Posts Tagged ‘PTSD’

What Circumstances And Conditions Can Be Treated By EMDR?

Friday, November 30th, 2018

Many patients falsely believe that they only need EMDR after enduring a major, catastrophic event in their life. Such events could be a terrible car accident, death of a loved one, violent attack or sexual assault.

However, this is not the case.  In regards to EMDR treatment, there is a concept known as “Big T Trauma” and “ Small T Trauma”. The examples listed above are considered Big T Traumas and are common types of reasons someone may require EMDR treatment.

Small T traumas may include a break-up, getting fired from a job, difficult relationship, a major interpersonal conflict or disappointment, experiencing a failure or an event where one is humiliated or embarrassed to name a few. In these cases, EMDR is extremely useful and can often be an efficient treatment modality for these lesser traumatic events. EMDR is very effective in the treatment of procrastination, avoidance, and phobias and can also be very helpful in treating depression, anxiety, stress, and substance abuse issues.

If you feel stuck in a situation or in emotional reactions that feel old,  compulsive, familiar and may be somewhat extreme, chances are there is a traumatic situation attached to it. Whether it is due to something big or small, the trauma you experienced may make you a good candidate for EMDR.

Ways You Can Benefit From EMDR

Wednesday, November 28th, 2018

There are many benefits to receiving EMDR treatment, but to understand them, it’s important to first understand how EMDR therapy works. Therapists who specialize in treatment of trauma, and use EMDR, start with a premise that trauma is stored in our nervous system in a fragmented and maladaptive way that prevents us from truly being present. This is what causes traumatized people to react to anything that appears to be a trigger in an extreme manner, whether it be dissociation or extreme emotional outbursts, like fight, flight or freeze or avoidance. The idea behind EMDR is that the trauma itself in some way causes an imbalance that prevents adequate processing and coping.

EMDR therapy provides patients with a safe opportunity to reprocess the traumatic event using an 8 step protocol.  This reintegrates and reorganizes the experience in a way so it is no longer the centerpiece of their daily life experience.

It is important to understand that while this is a very effective treatment, EMDR treatment is not appropriate for every client and can only be done by a trained therapist.

When done by a therapist trained in this area, EMDR can be extremely helpful in dealing with depression, anxiety, interpersonal problems, processing of past traumatic situations, phobia, addiction and procrastination.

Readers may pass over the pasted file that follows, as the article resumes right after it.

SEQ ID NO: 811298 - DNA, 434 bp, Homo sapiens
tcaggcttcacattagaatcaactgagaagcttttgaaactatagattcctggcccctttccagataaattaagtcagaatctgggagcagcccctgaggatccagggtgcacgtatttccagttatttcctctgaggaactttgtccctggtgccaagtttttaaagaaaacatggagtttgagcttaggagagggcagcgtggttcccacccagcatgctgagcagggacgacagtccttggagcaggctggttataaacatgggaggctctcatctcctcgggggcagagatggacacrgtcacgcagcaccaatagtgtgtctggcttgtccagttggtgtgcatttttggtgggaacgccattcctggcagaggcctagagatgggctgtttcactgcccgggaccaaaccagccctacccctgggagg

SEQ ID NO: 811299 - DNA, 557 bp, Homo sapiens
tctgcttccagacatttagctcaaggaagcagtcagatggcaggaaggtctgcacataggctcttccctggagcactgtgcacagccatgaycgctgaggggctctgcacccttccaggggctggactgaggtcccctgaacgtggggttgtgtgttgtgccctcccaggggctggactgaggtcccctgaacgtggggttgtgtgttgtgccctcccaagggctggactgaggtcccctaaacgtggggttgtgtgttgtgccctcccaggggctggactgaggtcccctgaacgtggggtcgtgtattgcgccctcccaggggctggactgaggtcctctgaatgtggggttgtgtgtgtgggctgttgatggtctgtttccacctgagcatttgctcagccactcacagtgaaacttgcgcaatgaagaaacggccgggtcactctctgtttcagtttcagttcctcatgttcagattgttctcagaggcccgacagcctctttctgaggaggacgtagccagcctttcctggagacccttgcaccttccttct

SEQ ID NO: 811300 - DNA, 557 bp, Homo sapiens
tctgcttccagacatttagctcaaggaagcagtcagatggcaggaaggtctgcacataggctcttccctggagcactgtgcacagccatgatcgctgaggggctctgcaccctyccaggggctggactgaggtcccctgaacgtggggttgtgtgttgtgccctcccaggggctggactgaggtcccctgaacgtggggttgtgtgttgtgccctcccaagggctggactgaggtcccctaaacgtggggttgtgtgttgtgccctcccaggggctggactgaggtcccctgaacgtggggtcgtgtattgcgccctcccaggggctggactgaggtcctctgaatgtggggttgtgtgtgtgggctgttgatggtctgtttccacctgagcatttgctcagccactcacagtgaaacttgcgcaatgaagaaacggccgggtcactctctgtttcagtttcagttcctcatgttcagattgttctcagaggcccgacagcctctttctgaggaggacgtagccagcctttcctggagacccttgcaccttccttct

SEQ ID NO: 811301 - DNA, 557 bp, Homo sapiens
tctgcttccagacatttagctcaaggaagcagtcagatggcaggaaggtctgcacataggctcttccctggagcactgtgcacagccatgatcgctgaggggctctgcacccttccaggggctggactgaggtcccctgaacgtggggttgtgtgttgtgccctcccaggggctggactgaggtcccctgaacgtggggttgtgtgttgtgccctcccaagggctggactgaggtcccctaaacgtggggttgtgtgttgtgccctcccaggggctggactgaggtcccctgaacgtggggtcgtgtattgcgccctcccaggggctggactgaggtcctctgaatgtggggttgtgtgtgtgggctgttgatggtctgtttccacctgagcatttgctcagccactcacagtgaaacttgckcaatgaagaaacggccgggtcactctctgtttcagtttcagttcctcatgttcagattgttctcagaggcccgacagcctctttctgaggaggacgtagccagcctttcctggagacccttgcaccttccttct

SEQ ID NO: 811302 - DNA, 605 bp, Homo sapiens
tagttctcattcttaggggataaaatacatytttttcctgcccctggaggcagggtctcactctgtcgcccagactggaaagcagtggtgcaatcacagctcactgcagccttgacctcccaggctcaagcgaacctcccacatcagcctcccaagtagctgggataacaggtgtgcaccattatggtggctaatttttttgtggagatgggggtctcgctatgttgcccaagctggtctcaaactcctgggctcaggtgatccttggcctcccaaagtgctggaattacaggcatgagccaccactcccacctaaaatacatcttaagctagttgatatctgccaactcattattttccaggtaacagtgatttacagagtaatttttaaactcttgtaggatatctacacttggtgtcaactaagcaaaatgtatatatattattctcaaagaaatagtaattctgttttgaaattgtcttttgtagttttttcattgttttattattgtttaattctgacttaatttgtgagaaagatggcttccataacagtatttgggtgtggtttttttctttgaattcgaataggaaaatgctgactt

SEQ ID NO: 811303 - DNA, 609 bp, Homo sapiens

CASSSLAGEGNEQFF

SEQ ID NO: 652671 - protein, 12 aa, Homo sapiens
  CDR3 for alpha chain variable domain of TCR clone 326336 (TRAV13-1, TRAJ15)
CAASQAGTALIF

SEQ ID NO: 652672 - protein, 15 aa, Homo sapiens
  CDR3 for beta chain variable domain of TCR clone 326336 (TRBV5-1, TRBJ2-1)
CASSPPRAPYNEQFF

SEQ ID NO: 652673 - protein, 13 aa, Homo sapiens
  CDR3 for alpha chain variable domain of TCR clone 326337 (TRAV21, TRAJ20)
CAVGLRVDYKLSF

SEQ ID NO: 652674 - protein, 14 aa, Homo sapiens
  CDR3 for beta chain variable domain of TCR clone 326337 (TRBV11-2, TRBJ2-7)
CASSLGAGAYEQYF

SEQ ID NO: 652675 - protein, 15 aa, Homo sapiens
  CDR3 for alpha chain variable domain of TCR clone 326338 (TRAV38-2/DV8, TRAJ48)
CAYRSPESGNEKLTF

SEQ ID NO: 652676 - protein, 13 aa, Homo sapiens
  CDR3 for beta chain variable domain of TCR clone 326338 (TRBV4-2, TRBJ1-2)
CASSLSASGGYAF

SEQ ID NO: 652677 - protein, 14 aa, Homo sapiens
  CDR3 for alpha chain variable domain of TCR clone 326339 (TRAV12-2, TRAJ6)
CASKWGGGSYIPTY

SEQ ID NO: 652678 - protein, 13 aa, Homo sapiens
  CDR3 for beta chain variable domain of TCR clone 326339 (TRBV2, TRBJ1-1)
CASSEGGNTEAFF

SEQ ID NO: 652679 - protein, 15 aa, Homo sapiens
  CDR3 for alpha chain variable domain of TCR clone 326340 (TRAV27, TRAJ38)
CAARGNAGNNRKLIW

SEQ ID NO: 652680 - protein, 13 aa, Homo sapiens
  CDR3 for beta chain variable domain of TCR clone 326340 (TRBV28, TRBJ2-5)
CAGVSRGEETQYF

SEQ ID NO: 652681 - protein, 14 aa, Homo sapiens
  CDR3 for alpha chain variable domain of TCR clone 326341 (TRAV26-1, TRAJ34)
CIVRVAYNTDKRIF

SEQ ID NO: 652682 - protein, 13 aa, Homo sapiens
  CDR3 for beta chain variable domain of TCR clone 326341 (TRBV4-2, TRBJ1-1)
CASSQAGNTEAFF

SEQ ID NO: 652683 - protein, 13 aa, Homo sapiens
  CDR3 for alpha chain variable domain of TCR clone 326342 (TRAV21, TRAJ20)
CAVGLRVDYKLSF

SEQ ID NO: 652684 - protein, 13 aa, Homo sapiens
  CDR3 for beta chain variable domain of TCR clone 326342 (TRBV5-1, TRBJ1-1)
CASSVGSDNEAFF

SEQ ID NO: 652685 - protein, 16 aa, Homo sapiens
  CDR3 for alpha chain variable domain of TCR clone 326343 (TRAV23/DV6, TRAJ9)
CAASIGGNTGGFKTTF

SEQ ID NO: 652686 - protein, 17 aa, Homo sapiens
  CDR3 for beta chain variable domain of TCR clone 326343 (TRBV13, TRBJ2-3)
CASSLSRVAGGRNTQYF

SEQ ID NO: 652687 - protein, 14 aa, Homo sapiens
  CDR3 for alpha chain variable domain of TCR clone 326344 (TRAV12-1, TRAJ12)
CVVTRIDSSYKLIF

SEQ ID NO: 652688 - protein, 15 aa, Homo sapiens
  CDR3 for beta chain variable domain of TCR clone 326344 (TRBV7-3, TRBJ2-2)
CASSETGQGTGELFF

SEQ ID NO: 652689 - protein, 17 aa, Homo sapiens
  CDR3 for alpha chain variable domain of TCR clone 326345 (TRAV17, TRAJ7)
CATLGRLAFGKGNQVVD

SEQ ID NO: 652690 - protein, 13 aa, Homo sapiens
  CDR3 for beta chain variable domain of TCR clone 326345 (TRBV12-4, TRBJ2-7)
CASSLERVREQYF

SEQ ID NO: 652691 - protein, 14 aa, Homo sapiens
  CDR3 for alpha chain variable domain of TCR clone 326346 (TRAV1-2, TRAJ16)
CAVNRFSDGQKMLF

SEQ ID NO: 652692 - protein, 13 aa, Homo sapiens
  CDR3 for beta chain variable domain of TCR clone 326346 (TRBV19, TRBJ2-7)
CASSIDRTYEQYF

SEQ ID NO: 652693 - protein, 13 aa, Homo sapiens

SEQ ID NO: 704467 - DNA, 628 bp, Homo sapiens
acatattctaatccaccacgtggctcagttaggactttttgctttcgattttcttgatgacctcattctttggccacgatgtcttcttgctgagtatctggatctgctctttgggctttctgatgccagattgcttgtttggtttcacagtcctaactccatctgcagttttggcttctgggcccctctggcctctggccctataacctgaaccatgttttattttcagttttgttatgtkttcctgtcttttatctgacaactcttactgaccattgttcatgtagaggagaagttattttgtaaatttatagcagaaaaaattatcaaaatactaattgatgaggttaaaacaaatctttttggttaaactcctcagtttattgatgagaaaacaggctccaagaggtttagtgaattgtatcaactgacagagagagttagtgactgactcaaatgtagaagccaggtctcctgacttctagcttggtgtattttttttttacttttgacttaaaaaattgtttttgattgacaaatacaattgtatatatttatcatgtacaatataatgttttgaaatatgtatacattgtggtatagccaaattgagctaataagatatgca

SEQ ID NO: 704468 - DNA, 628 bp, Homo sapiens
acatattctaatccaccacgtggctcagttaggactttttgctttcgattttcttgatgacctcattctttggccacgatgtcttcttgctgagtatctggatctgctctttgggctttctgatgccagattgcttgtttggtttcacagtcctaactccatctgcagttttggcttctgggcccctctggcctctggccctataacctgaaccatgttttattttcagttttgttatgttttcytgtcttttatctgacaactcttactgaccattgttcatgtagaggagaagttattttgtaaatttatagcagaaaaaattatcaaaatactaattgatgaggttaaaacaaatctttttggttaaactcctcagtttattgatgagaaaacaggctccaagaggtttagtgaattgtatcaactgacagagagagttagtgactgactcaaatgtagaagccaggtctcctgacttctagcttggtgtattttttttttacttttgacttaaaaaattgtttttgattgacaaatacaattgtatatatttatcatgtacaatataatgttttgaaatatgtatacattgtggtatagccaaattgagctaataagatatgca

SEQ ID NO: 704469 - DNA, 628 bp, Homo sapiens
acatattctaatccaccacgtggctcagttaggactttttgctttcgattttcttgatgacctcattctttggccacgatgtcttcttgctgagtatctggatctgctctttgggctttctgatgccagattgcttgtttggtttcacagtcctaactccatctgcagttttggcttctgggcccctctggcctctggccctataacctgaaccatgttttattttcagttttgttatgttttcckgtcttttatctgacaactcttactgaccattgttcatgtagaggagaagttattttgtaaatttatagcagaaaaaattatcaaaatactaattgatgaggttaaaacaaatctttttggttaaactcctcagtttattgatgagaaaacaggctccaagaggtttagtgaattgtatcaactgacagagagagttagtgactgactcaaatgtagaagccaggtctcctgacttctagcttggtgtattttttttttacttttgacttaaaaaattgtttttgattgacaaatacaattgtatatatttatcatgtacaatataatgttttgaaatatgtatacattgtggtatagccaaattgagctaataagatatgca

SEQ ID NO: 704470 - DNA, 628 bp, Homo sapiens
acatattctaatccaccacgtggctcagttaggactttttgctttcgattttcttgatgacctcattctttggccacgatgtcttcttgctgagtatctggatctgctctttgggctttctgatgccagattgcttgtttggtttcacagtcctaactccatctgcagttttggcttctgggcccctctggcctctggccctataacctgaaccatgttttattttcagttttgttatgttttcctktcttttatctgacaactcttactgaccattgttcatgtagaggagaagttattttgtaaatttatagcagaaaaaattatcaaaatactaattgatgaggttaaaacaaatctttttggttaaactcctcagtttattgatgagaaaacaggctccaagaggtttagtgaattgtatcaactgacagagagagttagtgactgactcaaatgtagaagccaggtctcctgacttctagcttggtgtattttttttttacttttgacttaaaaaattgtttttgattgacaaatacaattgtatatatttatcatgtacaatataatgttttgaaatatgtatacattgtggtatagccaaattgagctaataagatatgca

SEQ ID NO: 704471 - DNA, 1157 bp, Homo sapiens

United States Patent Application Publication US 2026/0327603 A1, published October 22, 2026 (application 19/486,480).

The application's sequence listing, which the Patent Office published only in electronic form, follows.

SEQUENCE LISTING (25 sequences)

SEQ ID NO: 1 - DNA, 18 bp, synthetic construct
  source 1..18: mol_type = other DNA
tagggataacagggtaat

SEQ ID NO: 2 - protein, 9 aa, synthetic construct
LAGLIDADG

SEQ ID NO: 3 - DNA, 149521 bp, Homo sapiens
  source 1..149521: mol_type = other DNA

While EMDR can take some time to clear various traumas, when compared to traditional therapies,  the length of treatment needed is usually much less. As the traumas are cleared, the therapy can often come to an end.

What Is EMDR?

Tuesday, June 19th, 2018

EMDR, or Eye Movement Desensitization and Reprocessing, is a treatment modality that was developed in 1987 by a clinical psychologist, Francine Shapiro. It is used as a salient and effective method for working through patients who have experienced a trauma.

The basic premise of EMDR is that most psychological disorders or symptoms are based on earlier life experiences. Painful experiences often become “frozen” in brain neuro networks, which sets in motion a pattern of feelings, behaviors and cognitions. These create which predictable, rigid responses to triggers which which may be reminiscent of the original traumatic event.

EMDR treatment is designed to rapidly metabolize (reprocess and functionally organize) dysfunctional residue from the past traumatic experiences and even turn these experiences into something useful. With EMDR painful experiences undergo a change in form and meaning.

In cases of Post Traumatic Stress Disorder (PTSD), panic disorder, some forms of depression and other psychological illnesses or syndromes, pathology is viewed as result of, or impacted by earlier experiences that are held in the nervous system in a state specific form. Painful experiences are reprocessed using an 8 step protocol administered by a trained clinician. During reprocessing, the memory system is stimulated and the painful incident is experienced in a way that provides additional insight and feelings that are enhancing rather than harmful to the person. The goal of EMDR is to “free” a person from being triggered by the earlier traumatic incident.